The Diamondbacks in the previous offseason swung a big trade, getting back both Taijuan Walker and Ketel Marte. The Diamondbacks sent Marte to AAA to work on his swing after losing a competition for a middle infield spot. The team brought him up after Nick Ahmed was hit by the pitch in the wrist at the end of June. Chris Owings was the primary shortstop in July, but he struggled and the month ended with him breaking a finger on a bunt attempt which left Marte all alone at the position. He handled it well, posting 1.1 bWAR in 255 PA with most of his value coming from defense. Barring a blockbuster deal involving a certain Orioles 3B, the SS position is Marte’s for the foreseeable future.
Of the shortstops on the current 40-man roster, Marte is the most dynamic player at the plate and on the field. He’s got the chops to stick at the shortstop position if he can cut down on the errors. The athleticism, range, and arm are all adequate enough for him to be an above average defender at the position like in 2017. In 507 2⁄3 innings, he was credited for +4 defensive runs saved and a UZR/150 of +3.4. Last season Marte was -2 DRS and -15.3 UZR/150, so we probably need more of a sample size of him playing shortstop for the Diamondbacks to figure out if he’s going to be an above average defender considering half his innings there are during that miserable 2016 season.
At the plate, Marte took a major step forward. Marte’s overall batting line doesn’t look impressive with a .260/.345/.395 slash (89 wRC+), but the numbers beyond the surface suggest he’s easily capable of more. His ground ball rate dropped from 50% to 45%, hard hit rate spiked from 21% to 28%. That combination could end up predicting a potential surge in power numbers, although not necessarily in the form of home runs, as Marte gets older and has better pitch recognition. While Marte’s .319 wOBA looks unimpressive, Statcast credited him for a .342 xwOBA in 2017, which would put his offensive productivity on par with David Peralta’s 2017 season (.342 wOBA/104 wRC+). The difference between the two figures is roughly 11 runs over 600 plate appearances, or roughly 1.1 more wins although outside a vacuum could contribute to more than just an extra win for the team if those 11 runs come at the right time.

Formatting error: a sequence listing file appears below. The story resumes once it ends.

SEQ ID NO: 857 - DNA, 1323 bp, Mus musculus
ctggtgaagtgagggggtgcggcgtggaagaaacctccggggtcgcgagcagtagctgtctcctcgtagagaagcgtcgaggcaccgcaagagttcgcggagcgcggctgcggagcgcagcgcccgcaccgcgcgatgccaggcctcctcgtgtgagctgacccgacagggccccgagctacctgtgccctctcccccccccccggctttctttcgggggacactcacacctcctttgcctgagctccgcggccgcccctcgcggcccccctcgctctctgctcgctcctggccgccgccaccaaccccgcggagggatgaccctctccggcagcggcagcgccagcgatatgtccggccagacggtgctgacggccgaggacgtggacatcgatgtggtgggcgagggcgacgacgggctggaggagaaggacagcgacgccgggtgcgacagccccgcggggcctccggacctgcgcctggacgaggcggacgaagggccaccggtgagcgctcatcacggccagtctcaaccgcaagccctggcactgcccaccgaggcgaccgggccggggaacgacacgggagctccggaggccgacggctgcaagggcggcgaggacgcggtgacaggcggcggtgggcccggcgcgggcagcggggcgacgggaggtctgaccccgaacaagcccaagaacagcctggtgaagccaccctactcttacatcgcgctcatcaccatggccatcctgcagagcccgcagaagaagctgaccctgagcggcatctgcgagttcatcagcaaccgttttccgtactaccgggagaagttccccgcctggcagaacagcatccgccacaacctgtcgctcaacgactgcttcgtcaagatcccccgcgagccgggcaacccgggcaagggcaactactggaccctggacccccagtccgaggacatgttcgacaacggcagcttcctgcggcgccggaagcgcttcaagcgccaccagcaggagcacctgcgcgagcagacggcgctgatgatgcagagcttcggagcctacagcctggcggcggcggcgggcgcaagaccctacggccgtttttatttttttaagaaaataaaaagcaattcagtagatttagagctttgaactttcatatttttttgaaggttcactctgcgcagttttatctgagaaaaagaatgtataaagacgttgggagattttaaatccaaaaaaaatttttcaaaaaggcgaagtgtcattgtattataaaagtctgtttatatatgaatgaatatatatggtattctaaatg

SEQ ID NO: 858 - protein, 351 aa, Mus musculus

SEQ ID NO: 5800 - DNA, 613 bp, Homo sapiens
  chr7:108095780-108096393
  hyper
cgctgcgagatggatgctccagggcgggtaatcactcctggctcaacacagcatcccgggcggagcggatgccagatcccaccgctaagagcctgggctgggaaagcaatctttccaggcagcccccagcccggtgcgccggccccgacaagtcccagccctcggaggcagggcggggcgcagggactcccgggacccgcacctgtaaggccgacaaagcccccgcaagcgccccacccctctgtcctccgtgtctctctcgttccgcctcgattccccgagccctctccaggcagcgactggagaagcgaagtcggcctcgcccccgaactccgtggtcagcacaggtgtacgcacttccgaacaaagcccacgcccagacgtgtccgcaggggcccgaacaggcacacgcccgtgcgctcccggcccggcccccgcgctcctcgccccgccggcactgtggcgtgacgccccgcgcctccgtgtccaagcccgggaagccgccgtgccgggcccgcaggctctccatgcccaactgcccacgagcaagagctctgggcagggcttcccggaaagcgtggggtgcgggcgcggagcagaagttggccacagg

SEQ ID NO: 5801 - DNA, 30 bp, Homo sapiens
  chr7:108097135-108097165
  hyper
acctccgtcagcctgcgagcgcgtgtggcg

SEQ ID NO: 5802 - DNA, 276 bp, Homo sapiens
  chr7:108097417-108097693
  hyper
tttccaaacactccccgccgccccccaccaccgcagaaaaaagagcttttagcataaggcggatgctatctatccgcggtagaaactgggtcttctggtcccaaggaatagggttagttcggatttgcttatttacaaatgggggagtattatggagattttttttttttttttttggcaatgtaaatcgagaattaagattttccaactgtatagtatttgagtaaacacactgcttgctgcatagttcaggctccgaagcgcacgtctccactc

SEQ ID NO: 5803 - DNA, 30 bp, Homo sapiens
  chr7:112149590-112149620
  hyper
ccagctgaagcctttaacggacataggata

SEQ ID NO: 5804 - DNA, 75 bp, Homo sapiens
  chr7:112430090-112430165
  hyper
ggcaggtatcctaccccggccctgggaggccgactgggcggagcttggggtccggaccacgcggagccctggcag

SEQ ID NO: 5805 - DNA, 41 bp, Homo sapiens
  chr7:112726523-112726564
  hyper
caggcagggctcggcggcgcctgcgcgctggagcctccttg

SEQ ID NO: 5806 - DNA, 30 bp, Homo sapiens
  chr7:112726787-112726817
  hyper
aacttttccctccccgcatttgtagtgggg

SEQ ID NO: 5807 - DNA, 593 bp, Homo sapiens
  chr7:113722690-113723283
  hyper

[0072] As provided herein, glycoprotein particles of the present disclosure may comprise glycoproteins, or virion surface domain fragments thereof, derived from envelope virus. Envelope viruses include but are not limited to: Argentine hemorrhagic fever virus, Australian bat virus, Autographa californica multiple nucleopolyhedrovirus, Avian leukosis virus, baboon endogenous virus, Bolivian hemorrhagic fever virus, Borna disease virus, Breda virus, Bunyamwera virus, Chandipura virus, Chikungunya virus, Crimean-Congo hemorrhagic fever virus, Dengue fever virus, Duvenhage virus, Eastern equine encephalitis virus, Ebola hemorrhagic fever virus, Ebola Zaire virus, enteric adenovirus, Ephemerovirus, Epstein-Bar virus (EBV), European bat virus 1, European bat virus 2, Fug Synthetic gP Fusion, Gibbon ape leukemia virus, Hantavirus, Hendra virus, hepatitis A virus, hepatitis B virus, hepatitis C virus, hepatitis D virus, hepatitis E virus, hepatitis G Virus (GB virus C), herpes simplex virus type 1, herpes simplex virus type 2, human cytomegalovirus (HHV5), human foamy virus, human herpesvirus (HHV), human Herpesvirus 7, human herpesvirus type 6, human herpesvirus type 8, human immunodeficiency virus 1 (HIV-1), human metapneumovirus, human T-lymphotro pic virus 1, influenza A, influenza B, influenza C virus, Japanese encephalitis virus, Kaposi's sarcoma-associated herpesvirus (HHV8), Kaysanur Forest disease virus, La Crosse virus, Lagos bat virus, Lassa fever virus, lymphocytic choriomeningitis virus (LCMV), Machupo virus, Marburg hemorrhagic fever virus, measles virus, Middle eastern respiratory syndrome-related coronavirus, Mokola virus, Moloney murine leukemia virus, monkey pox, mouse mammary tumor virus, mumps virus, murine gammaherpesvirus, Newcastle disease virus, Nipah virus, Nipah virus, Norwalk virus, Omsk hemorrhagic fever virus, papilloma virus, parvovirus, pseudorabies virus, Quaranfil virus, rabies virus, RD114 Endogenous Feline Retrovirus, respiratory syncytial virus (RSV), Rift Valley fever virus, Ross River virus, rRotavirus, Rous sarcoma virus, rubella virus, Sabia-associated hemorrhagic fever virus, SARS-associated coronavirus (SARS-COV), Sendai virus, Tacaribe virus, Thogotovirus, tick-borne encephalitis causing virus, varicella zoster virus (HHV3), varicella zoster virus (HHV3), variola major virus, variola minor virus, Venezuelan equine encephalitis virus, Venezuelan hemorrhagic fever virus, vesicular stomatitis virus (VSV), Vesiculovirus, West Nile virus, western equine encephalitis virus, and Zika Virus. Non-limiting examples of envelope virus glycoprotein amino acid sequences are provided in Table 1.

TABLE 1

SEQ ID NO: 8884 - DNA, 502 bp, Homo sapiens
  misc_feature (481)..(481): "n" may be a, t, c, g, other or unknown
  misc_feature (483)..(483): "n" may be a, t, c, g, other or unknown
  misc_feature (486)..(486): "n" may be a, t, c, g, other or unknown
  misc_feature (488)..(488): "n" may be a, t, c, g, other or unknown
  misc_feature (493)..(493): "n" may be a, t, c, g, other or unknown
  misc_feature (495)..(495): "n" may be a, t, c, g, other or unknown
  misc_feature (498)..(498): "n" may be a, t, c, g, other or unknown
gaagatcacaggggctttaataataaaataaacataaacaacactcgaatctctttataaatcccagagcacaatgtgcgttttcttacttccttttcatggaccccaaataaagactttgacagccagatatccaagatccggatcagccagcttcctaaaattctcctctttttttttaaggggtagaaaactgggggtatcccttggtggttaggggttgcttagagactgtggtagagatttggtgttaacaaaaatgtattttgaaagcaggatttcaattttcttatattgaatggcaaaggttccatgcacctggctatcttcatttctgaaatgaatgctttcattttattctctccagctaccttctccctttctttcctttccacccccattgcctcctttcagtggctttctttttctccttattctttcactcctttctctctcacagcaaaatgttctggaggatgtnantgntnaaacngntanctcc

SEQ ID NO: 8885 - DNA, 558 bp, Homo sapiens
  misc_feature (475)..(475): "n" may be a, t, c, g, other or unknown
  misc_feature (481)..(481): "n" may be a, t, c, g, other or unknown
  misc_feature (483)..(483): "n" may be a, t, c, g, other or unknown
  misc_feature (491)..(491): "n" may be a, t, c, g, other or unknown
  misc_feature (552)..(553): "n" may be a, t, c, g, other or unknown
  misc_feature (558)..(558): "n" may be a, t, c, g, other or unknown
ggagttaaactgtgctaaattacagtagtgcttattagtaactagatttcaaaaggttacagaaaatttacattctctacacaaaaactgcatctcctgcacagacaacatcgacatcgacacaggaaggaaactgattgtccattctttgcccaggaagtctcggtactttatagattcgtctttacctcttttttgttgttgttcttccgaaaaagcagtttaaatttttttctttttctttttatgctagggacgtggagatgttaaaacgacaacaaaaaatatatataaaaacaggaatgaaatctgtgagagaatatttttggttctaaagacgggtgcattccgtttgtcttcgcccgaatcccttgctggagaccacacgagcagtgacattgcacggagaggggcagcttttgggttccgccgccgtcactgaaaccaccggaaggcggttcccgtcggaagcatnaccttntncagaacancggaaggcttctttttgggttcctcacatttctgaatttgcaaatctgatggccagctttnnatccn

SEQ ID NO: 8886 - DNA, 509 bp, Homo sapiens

There’s more power in his bat than his .135 ISO suggests. Marte’s exit velocity topped out a 112.8 MPH, but also ranked 164th out of 387 in batted ball rate of 95+ MPH exit velocity amongst MLB hitters with 100+ batted ball events. He’s had his course of bad luck on a handful of them and if he can continue to improve exit velocity on fly balls, we should see his wRC+ spike from 89 to well over 100. Of course that’s not the takeaway from his 2017 improvements. Jeff Sullivan from Fangraphs in another Marte breakout article notes the big changes in Marte’s productivity. In 2017, Marte had the 7th best xwOBA increase in MLB while having the 4th best improvement in K-BB% (K-BB% getting lower).
The K-BB% improved 12.0% with a 4.5% reduction in strikeouts and a 7.5% improvement with walks. In addition his xwOBA improved from .250 to .342, a 92 point increase. I’m not sure how much lasting power these changes will have, but if they do, Marte goes from a bottom of the order type hitter to a top/bottom hitter depending on who else is in the lineup. I could see him batting 1st, 2nd, 7th, or 8th given who the Diamondbacks are playing. Marte’s most productive spot in the order was 7th, where he put up a 107 wRC+ and a .239/.346/.463 slash. Offensively, he profiles more as a table setter than a run producer, although that’s something the Dbacks lineup doesn’t have enough of.